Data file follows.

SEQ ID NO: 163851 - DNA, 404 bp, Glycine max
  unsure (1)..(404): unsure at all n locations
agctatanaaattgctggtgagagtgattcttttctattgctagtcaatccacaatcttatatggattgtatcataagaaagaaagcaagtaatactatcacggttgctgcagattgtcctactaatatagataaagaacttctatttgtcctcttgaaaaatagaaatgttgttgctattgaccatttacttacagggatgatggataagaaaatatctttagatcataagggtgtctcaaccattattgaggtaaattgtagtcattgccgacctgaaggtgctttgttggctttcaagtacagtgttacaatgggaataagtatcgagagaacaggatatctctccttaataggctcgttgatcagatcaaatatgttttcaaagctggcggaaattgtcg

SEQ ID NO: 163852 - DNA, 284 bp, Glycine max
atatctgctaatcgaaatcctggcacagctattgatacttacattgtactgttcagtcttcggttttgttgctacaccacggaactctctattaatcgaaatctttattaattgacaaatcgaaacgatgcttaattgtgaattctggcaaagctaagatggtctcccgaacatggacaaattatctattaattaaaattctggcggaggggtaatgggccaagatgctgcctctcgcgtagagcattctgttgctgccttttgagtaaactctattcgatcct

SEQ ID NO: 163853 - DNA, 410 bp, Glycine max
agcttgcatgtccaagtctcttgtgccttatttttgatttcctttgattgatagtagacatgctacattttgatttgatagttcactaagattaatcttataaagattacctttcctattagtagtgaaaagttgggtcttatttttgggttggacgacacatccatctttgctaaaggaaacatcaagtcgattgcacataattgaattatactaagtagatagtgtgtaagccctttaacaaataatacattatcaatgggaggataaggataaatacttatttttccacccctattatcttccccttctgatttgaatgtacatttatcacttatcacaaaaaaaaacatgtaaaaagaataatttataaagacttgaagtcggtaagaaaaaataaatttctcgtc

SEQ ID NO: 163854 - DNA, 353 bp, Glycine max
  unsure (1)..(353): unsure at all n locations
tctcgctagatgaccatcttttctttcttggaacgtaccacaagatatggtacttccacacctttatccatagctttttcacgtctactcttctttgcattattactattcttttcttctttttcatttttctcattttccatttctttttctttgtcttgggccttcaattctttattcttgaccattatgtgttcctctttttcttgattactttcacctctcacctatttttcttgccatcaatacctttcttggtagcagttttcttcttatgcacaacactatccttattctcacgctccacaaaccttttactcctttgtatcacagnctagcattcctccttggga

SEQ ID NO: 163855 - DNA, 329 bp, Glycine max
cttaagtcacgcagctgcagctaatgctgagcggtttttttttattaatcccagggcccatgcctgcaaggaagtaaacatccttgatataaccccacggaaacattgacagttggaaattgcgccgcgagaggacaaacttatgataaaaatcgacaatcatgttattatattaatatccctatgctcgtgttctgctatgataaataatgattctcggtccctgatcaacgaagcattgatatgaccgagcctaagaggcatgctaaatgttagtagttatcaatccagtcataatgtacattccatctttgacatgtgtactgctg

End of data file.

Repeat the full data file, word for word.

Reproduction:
SEQ ID NO: 163851 - DNA, 404 bp, Glycine max
  unsure (1)..(404): unsure at all n locations
agctatanaaattgctggtgagagtgattcttttctattgctagtcaatccacaatcttatatggattgtatcataagaaagaaagcaagtaatactatcacggttgctgcagattgtcctactaatatagataaagaacttctatttgtcctcttgaaaaatagaaatgttgttgctattgaccatttacttacagggatgatggataagaaaatatctttagatcataagggtgtctcaaccattattgaggtaaattgtagtcattgccgacctgaaggtgctttgttggctttcaagtacagtgttacaatgggaataagtatcgagagaacaggatatctctccttaataggctcgttgatcagatcaaatatgttttcaaagctggcggaaattgtcg

SEQ ID NO: 163852 - DNA, 284 bp, Glycine max
atatctgctaatcgaaatcctggcacagctattgatacttacattgtactgttcagtcttcggttttgttgctacaccacggaactctctattaatcgaaatctttattaattgacaaatcgaaacgatgcttaattgtgaattctggcaaagctaagatggtctcccgaacatggacaaattatctattaattaaaattctggcggaggggtaatgggccaagatgctgcctctcgcgtagagcattctgttgctgccttttgagtaaactctattcgatcct

SEQ ID NO: 163853 - DNA, 410 bp, Glycine max
agcttgcatgtccaagtctcttgtgccttatttttgatttcctttgattgatagtagacatgctacattttgatttgatagttcactaagattaatcttataaagattacctttcctattagtagtgaaaagttgggtcttatttttgggttggacgacacatccatctttgctaaaggaaacatcaagtcgattgcacataattgaattatactaagtagatagtgtgtaagccctttaacaaataatacattatcaatgggaggataaggataaatacttatttttccacccctattatcttccccttctgatttgaatgtacatttatcacttatcacaaaaaaaaacatgtaaaaagaataatttataaagacttgaagtcggtaagaaaaaataaatttctcgtc

SEQ ID NO: 163854 - DNA, 353 bp, Glycine max
  unsure (1)..(353): unsure at all n locations
tctcgctagatgaccatcttttctttcttggaacgtaccacaagatatggtacttccacacctttatccatagctttttcacgtctactcttctttgcattattactattcttttcttctttttcatttttctcattttccatttctttttctttgtcttgggccttcaattctttattcttgaccattatgtgttcctctttttcttgattactttcacctctcacctatttttcttgccatcaatacctttcttggtagcagttttcttcttatgcacaacactatccttattctcacgctccacaaaccttttactcctttgtatcacagnctagcattcctccttggga

SEQ ID NO: 163855 - DNA, 329 bp, Glycine max
cttaagtcacgcagctgcagctaatgctgagcggtttttttttattaatcccagggcccatgcctgcaaggaagtaaacatccttgatataaccccacggaaacattgacagttggaaattgcgccgcgagaggacaaacttatgataaaaatcgacaatcatgttattatattaatatccctatgctcgtgttctgctatgataaataatgattctcggtccctgatcaacgaagcattgatatgaccgagcctaagaggcatgctaaatgttagtagttatcaatccagtcataatgtacattccatctttgacatgtgtactgctg